To the traditional left side for the Blessed Mother, there is a youthful Virgin Mary statue placed the same year. The tabernacles on both side altars echo the design of the central tabernacle.

Beautiful as the stained-glass windows are on both the floor and upper gallery levels, most are without figures, simply designed with patterns of yellow and gold. Being a poor parish during the 18th and 19th centuries, the church had to wait until 1886 for its four stained-glass scenes. One is the lunette, or curved window, framed by the pediment’s large arch. It pictures angels adoring the Eucharist in a monstrance. It was designed by Alfred Godwin & Co., a leading studio in the city that also designed the celestial scene of the Coronation of Mary, a large window near the sanctuary. Opposite it, on the right side, a pair of windows feature the Sacred Heart and the Immaculate Heart.

More renovations took place at the same time. In 1885, the pastor was friends with St. Katharine Drexel’s father, Francis, a successful financier. Major renovations were beginning at the time. Drexel made what was called a “generous bequest” in 1885 that was used toward the renovation plus the building of a new school. Drexel funds also sustained Old St. Joseph’s though a half-century of challenging times. Among the renovations, Victorian-style seating replaced the original pews. 

The awe-inspiring highlight of those 1886 renovations is The Angelic Exaltation of St. Joseph Into Heaven, a circular neoclassical mural on the ceiling. The painting is the work of Filippo Costaggini, a well-known artist. His work appears in the city’s Cathedral-Basilica of Sts. Peter and Paul, and he also completed the frescoes in the U.S. Capitol Rotunda.

In 1904, to celebrate the golden anniversary of the promulgation of the dogma of the Immaculate Conception, the church’s Marian Sodality groups financed renovation of the sanctuary with a full Communion rail of beautifully carved marble that has gentle “S” curves by the side altar, brass gates and mosaic tile floor, all of which remain.

Old St. Joseph’s history is rich enough to fill a book. (See a portion of its many “firsts” in the companion article.) Besides worshipping at Old St. Joseph’s, countless immigrants have found comfort, solace and help here over the centuries. 

“It wasn’t a ‘society’ church as much as a church for everyone,” notes longtime parishioner Tish Byrne. “It’s an exemplary urban immigrant parish. We served a very diverse population.”

 In 1755, for example, Jesuit Father Robert Harding, the second pastor, helped care for more than 480 needy French Arcadians who arrived in Philadelphia after the British exiled them from Nova Scotia. In 1794, Old St. Joseph’s welcomed Black and white refugees fleeing the revolution in Santo Domingo. They became parishioners, comprising the first congregation of Black Catholics in the city. Church records show the many marriages and baptisms that followed. From nearly the start of the church, African Americans were also baptized here.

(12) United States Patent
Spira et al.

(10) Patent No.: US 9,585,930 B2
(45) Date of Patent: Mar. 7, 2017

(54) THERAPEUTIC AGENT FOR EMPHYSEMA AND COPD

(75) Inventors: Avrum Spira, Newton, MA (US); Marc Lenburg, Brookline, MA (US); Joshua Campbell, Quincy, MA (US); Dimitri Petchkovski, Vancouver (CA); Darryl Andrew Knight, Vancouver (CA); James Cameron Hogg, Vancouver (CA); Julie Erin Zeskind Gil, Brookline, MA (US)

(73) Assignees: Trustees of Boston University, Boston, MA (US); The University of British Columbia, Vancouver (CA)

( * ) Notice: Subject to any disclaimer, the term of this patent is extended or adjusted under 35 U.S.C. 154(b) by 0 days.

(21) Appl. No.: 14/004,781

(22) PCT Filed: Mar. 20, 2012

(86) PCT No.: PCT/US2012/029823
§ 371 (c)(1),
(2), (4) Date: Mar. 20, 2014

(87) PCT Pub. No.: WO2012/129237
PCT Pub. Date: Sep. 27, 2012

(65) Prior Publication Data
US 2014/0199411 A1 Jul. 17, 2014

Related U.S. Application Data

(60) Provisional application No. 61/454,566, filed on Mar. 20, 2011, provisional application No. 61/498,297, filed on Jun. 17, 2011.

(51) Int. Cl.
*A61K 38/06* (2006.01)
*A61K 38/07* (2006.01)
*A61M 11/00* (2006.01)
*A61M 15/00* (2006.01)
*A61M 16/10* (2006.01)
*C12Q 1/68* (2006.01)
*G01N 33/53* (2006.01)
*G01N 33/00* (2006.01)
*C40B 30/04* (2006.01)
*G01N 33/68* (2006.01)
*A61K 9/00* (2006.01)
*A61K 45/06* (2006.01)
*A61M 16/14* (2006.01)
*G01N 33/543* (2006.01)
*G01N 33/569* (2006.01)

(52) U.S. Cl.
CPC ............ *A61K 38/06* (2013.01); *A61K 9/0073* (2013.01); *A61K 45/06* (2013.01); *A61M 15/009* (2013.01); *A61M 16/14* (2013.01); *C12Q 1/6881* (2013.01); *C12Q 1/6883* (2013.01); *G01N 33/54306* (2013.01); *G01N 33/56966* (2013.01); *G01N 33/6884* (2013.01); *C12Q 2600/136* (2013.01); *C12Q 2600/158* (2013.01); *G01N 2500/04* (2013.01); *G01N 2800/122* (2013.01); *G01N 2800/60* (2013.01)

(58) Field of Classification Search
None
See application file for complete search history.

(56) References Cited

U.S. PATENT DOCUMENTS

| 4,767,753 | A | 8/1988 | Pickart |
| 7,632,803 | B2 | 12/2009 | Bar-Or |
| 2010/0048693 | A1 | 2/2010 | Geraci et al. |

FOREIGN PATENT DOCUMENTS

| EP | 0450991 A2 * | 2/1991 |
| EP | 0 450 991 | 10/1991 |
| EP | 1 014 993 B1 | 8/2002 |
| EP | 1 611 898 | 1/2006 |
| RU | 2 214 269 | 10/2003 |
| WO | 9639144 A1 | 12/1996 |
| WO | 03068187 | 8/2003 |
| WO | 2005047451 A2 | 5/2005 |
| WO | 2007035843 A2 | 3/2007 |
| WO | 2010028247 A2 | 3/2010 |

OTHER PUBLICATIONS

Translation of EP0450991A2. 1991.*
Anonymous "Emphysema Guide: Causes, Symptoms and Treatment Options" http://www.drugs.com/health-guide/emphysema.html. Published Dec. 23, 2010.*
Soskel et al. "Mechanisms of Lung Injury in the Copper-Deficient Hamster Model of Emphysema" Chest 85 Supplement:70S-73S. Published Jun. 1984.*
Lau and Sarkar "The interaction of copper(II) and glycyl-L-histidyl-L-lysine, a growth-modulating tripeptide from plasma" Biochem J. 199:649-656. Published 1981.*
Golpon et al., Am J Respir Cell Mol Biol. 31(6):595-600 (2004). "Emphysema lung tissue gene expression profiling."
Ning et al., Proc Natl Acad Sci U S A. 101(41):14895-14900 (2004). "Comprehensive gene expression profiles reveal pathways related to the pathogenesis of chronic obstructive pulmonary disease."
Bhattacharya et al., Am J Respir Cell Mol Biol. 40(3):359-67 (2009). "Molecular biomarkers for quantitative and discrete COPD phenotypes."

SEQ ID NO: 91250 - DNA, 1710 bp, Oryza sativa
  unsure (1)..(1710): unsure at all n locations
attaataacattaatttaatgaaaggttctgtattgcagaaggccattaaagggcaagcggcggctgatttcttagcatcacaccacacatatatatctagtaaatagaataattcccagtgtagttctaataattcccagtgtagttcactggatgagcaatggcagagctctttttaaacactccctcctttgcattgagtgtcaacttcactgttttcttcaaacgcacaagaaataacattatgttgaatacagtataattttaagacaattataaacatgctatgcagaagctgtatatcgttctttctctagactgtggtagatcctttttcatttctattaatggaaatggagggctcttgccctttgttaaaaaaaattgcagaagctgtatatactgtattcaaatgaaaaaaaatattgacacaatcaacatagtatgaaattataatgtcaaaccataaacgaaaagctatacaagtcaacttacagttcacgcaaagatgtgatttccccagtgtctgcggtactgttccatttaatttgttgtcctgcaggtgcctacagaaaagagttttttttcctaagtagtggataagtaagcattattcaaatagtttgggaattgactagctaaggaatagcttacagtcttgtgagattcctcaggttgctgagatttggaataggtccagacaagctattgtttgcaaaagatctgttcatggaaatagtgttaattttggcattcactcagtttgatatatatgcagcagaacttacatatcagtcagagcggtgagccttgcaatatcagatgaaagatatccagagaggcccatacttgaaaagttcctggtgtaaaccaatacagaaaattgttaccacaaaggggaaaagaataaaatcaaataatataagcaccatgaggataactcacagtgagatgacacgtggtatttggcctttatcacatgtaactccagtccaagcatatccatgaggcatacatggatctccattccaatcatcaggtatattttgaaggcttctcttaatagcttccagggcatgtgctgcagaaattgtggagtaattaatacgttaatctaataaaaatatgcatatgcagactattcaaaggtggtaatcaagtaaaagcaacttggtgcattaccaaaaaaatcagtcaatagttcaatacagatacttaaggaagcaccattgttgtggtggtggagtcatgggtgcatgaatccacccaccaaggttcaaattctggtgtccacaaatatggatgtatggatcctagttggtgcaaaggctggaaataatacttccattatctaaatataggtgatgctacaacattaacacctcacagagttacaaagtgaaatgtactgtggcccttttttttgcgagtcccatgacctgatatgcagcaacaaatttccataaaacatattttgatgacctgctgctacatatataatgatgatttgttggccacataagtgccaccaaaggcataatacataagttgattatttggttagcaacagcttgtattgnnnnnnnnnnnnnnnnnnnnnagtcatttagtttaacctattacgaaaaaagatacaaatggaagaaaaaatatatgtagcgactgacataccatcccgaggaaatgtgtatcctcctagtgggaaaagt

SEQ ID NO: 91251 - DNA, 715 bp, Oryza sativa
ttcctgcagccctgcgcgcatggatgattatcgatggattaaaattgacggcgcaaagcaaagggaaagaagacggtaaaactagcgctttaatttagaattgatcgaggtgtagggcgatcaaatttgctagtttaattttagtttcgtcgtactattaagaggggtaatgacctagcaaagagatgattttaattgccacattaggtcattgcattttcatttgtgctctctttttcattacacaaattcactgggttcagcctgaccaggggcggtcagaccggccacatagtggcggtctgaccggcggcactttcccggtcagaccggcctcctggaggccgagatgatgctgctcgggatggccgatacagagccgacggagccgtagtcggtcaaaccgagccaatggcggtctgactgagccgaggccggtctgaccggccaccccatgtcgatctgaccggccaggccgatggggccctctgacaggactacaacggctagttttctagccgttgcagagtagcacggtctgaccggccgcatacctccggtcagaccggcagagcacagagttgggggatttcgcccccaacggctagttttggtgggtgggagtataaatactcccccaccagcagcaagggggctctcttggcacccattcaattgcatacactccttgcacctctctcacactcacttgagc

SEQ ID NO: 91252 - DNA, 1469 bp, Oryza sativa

During Philadelphia’s 1793 Yellow Fever epidemic in which 10% of the city’s population died, Old St. Joseph’s priests ministered to everyone in need. Four of the priests died along with 335 fellow Catholics.

In 1840, Jesuit Father Felix Joseph Barbelin, a native of France, welcomed and helped African Americans to Sunday Mass and vespers. By 1859 this tireless pastor was at the forefront of opening a school for Black Catholics. He set up organizations for the many Irish and Italian immigrants and was known throughout the city as the “Apostle of the Sunday School.”

Since Emma Mary (Bouvier) Drexel, wife of Francis Drexel, lived close to Old St. Joseph’s before they married, she would have attended this church, and later, by word and example, she taught the Drexel daughters Christian charity.

The neighborhood declined in the early 20th century by the church’s 200th anniversary, yet, by mid-century, Old St. Joseph Church experienced a major renewal, as the whole area revived when Independence National Historical Park and the historic district was established. “Today people travel from out of state to our parish,” Byrne said. “They come (as parishioners) for Sunday Mass … from all over of the city and the suburbs.”

In 1959, a long-overdue honor came for this place that played a major role in establishing the Catholic Church in America. With approval of both houses of Congress, President Dwight Eisenhower declared Old St. Joseph Church a “National Shrine of Religious Liberty.”

VISIT  OldStJoseph.org